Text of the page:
An Enigma codebreaker like the one developed by Alan Turing. Photo: Universal History Archive/UIG/Getty

Seeking to play in a global technology race dominated by the U.S. and China, the U.K. says it will pay for about 1,200 students to earn AI master's and PhDs in its universities, and fund the salaries of 3 to 5 more to join the nation's top AI lab.

The big picture: Given the paucity of AI talent, 1,200 is a highly ambitious target, a number that, if fully realized, could go far toward making the U.K. competitive in the global race.

  • The U.K.'s top universities and several high-profile companies have kept it in the running alongside the U.S. and China. But many U.K.-trained researchers end up working for American tech giants, such as Google's DeepMind.
  • "Well known Big Tech companies have been paying high salaries to attract people out of academia," says Adrian Weller, director of the AI program at the Alan Turing Institute, the U.K.'s national institute for data science and AI. "This is an attempt to redress the balance."

By the numbers:

  • The U.K. government says it will pay up to £110 million — about $144 million — for the training programs, and that private companies will chip in millions more.
  • The money will fund the education of 1,000 PhD students, and up to 200 master's students.
  • The Turing Institute will pay salaries of up to $114,000 for top academic researchers. This is a far cry from the hundreds of thousands in annual salary paid by big companies, and slightly lower than tenured faculty jobs in academia.

Go deeper: Today's announcement is part of the U.K.'s national AI plan, announced last year, which includes the equivalent of $1.3 billion in funding.

Go deeper

Virtual Emmys address chaotic year for American TV and society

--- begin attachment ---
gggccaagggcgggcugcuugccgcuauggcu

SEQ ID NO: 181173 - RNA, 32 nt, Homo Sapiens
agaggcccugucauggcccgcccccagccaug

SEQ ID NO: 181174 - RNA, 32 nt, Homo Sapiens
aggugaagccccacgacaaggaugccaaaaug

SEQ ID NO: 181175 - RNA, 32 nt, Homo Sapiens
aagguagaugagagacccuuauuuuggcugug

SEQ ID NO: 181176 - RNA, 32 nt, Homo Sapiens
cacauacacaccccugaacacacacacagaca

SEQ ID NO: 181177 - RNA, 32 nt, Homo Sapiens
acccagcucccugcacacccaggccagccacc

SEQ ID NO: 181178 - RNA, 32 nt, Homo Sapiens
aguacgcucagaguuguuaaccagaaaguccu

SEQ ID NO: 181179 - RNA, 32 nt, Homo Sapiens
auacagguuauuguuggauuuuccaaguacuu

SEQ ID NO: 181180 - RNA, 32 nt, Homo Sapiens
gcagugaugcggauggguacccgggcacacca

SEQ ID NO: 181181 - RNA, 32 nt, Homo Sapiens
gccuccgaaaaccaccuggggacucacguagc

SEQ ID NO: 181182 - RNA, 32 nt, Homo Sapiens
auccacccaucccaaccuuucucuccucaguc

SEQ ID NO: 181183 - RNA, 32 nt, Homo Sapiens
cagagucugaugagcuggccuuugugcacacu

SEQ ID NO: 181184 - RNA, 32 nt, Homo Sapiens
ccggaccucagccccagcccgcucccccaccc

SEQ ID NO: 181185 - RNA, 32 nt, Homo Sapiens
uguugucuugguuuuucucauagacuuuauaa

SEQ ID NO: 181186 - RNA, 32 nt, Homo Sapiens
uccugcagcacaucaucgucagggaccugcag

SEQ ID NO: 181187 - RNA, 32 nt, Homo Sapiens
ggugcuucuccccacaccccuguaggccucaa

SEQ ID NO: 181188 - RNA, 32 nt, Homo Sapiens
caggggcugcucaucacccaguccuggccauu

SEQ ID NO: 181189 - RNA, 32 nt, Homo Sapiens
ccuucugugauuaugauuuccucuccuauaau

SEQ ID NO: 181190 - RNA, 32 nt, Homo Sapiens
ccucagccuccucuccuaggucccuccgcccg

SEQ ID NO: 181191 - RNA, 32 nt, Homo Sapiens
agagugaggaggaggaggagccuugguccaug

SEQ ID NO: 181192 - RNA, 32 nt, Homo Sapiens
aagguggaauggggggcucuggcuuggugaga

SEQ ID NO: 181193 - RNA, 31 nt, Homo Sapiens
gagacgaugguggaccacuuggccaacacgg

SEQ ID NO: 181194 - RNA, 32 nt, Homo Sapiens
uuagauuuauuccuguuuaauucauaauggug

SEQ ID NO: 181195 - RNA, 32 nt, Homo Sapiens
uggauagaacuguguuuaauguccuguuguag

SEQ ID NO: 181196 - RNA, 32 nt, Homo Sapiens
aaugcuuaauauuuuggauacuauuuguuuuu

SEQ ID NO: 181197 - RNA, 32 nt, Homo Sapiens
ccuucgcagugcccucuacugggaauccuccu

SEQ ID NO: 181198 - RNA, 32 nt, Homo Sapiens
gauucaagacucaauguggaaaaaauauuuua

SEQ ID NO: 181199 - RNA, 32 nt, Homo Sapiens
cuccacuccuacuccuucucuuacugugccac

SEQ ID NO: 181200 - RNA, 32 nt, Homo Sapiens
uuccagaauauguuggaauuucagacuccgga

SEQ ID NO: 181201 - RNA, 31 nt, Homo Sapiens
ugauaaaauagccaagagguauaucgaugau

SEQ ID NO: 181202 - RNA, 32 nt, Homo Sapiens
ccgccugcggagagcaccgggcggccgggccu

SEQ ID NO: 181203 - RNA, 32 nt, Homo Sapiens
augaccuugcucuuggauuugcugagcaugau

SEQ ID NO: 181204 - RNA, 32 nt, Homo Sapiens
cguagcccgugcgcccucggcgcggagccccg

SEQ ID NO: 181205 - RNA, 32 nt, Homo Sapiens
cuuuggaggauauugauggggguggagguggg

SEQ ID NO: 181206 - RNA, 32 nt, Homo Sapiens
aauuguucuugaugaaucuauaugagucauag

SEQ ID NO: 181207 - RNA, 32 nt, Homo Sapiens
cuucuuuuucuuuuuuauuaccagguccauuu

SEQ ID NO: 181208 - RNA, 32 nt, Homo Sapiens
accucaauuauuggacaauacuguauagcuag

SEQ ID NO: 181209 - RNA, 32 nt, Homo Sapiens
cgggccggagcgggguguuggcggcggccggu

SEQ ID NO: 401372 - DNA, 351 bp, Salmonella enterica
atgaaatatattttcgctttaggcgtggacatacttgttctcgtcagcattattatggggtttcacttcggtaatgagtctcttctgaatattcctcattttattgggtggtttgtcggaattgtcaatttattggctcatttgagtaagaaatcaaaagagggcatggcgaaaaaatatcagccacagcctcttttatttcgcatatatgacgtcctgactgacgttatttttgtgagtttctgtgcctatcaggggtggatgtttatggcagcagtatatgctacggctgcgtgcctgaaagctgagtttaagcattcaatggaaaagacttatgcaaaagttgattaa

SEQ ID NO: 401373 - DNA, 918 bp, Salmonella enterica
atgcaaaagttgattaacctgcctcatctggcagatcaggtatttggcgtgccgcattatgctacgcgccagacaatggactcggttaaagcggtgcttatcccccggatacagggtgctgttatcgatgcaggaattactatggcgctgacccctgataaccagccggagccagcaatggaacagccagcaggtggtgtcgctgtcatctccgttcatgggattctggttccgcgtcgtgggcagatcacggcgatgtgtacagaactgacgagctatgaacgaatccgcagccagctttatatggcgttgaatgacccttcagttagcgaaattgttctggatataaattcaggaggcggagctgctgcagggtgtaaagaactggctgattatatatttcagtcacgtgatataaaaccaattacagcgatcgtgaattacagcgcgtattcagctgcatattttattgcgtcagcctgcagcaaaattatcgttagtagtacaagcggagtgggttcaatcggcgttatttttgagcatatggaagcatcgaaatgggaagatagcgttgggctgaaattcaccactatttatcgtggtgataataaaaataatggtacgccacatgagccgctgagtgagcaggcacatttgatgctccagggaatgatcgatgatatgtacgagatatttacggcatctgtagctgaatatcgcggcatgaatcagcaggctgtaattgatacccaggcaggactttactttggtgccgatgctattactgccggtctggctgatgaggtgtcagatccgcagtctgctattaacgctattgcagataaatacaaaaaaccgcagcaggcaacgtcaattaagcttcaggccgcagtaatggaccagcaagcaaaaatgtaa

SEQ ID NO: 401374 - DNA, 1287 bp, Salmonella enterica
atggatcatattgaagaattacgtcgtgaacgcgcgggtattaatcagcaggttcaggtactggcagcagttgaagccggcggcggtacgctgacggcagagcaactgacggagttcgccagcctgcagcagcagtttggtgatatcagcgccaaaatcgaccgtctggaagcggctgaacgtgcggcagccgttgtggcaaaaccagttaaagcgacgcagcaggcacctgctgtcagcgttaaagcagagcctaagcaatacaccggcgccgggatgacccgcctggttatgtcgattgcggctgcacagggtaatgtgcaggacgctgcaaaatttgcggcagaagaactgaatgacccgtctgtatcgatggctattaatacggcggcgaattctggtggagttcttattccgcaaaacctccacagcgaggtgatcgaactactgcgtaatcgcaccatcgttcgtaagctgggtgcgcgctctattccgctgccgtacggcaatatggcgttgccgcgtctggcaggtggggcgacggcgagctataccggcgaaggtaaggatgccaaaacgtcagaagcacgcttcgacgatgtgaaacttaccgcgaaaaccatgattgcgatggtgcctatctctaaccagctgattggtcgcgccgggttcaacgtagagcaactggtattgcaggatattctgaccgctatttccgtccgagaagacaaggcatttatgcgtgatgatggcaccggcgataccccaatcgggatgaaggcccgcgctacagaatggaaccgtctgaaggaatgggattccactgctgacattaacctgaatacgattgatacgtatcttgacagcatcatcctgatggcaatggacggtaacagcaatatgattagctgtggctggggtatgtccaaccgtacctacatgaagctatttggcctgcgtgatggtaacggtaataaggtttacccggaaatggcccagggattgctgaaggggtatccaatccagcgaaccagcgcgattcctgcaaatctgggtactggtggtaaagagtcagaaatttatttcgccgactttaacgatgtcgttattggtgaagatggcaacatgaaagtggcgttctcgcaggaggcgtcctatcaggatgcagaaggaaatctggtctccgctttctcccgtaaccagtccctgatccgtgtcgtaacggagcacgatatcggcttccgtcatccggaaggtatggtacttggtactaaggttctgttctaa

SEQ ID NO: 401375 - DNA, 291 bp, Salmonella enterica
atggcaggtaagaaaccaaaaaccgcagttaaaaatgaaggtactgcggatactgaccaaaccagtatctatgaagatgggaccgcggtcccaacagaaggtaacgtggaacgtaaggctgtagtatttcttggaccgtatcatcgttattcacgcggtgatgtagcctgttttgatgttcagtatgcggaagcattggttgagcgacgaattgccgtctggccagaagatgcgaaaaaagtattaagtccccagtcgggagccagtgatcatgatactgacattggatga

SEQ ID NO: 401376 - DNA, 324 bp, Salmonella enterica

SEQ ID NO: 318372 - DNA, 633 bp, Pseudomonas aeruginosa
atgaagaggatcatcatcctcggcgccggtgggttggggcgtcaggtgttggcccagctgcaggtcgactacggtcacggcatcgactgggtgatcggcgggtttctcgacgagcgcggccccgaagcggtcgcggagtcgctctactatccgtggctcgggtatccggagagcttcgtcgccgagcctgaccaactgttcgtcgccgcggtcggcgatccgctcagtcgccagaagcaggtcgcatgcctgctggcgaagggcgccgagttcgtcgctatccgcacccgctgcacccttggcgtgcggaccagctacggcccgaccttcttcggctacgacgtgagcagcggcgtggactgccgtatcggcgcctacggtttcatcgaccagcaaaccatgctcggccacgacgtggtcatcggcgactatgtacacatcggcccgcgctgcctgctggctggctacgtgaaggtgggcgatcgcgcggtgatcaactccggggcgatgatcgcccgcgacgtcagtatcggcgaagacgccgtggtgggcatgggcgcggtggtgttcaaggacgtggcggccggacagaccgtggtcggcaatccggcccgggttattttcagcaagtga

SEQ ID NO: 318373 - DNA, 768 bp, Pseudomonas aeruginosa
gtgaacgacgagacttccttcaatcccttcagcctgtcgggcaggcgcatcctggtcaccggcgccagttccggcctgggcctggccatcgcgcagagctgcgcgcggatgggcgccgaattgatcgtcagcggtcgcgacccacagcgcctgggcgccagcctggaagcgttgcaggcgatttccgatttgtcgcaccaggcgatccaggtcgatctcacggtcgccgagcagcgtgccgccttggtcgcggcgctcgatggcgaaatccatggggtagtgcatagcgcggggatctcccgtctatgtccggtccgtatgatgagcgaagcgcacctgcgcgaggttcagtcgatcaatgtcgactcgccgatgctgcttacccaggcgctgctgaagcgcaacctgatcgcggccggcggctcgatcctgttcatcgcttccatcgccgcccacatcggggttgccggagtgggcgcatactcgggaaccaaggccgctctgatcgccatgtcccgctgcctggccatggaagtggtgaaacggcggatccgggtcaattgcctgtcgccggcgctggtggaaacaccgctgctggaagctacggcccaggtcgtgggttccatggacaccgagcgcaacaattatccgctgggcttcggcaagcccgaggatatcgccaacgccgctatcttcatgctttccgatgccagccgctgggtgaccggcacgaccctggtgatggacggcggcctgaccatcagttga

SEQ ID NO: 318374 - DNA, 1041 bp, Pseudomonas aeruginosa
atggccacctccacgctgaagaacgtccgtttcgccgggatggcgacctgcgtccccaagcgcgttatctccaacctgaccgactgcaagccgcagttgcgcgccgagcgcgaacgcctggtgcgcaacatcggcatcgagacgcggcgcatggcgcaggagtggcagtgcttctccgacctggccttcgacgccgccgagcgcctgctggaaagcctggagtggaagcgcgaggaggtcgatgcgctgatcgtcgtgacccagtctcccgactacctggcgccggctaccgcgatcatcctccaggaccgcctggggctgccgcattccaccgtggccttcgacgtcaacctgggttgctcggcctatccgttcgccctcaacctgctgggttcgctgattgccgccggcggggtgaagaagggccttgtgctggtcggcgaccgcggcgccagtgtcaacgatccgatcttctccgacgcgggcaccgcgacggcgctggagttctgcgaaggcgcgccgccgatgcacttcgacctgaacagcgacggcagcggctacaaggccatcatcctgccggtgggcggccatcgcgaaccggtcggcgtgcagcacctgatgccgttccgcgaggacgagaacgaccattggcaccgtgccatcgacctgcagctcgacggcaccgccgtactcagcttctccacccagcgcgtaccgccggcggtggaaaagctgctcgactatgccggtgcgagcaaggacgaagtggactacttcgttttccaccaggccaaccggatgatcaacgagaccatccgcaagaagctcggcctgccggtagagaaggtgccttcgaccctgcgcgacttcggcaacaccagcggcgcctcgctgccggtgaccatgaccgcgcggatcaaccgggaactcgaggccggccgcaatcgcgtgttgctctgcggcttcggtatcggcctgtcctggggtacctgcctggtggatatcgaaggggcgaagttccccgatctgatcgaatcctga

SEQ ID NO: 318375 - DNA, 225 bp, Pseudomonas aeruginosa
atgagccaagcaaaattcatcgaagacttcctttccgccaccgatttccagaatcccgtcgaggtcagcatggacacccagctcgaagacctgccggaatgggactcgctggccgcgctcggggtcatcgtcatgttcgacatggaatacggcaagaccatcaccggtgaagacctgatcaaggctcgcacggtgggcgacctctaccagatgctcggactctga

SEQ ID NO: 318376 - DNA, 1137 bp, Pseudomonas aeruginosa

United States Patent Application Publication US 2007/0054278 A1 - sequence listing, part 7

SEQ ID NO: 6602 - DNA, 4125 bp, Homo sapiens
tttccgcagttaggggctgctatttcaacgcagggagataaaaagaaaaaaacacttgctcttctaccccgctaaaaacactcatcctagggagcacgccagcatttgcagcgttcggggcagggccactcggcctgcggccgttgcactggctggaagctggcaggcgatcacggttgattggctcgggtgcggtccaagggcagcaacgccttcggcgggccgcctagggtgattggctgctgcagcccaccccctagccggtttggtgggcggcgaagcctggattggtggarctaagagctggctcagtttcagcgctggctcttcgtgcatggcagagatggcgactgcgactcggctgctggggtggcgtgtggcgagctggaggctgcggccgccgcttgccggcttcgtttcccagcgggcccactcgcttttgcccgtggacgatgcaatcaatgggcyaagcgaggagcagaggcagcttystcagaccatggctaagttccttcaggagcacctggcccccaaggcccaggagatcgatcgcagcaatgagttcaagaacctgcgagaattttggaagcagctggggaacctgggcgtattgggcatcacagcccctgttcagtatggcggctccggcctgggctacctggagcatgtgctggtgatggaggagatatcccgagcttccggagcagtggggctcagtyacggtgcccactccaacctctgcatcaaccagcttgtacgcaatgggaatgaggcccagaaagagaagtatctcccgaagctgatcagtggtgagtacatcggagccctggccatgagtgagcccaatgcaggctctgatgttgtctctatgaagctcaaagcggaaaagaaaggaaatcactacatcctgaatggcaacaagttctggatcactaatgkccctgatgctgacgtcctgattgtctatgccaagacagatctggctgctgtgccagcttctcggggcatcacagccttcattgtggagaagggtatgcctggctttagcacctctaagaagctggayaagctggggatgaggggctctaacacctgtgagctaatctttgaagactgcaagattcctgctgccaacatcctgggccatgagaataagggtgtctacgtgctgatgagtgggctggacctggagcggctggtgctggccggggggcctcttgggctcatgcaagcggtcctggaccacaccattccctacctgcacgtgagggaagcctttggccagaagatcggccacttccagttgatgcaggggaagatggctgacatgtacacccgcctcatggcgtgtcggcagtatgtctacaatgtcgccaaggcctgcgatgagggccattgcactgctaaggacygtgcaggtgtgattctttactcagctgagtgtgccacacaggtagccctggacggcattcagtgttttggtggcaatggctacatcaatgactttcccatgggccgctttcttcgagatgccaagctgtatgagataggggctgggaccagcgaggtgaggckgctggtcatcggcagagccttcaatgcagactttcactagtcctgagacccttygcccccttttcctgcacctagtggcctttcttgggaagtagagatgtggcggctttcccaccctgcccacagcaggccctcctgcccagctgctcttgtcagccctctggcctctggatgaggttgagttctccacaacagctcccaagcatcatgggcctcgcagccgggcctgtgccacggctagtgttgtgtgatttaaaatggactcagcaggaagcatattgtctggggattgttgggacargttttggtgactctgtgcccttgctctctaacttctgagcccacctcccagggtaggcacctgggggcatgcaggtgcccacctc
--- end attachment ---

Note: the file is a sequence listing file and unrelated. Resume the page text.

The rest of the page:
Emmy Host Jimmy Kimmel during rehearsals Friday for the 72nd Annual Emmy Awards at the Staples Center in Los Angeles. Photo: Al Seib/ Los Angeles Times via Getty Images

The Emmy Awards Sunday night addressed the major U.S. issues this year — including the protests on systemic racism and police brutality, the wildfires engulfing parts of the West Coast, the census, the pandemic, essential works and the election.

Why it matters: Award shows have always addressed wider cultural issues, but this year — amid unprecedented stress and uncertainty — that trend has accelerated.

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Coronavirus dashboard

Illustration: Sarah Grillo/Axios

  1. Global: Total confirmed cases as of 11:30 p.m. ET: 30,919,638 — Total deaths: 959,332— Total recoveries: 21,152,996Map.
  2. U.S.: Total confirmed cases as of 9:30p.m. ET: 6,799,141 — Total deaths: 199,474 — Total recoveries: 2,590,671 — Total tests: 95,108,559Map.
  3. Politics: Testing czar on Trump's CDC contradictions: "Everybody is right" Ex-FDA chief: Career scientists won't be "easily cowed" by political vaccine pressure.
  4. Education: What we overlooked in the switch to remote learning.
  5. Health: The dwindling chances of eliminating COVID-19 — 7 states set single-day coronavirus case records last week.
  6. World: England sets £10,000 fine for breaking self-isolation rules — The countries painting their pandemic recoveries green.

Arrest over letter to Trump containing poison ricin

President Trump returning to the White House from Minnesota on Sept. 18. Photo: Win McNamee/Getty Images

A suspect was arrested for allegedly "sending a suspicious letter" after law enforcement agents intercepted an envelope addressed to President Trump containing the poison ricin, the FBI confirmed in an emailed statement to Axios Sunday.

Details: The suspect, a woman, was arrested while trying to enter New York from Canada, law enforcement forces said.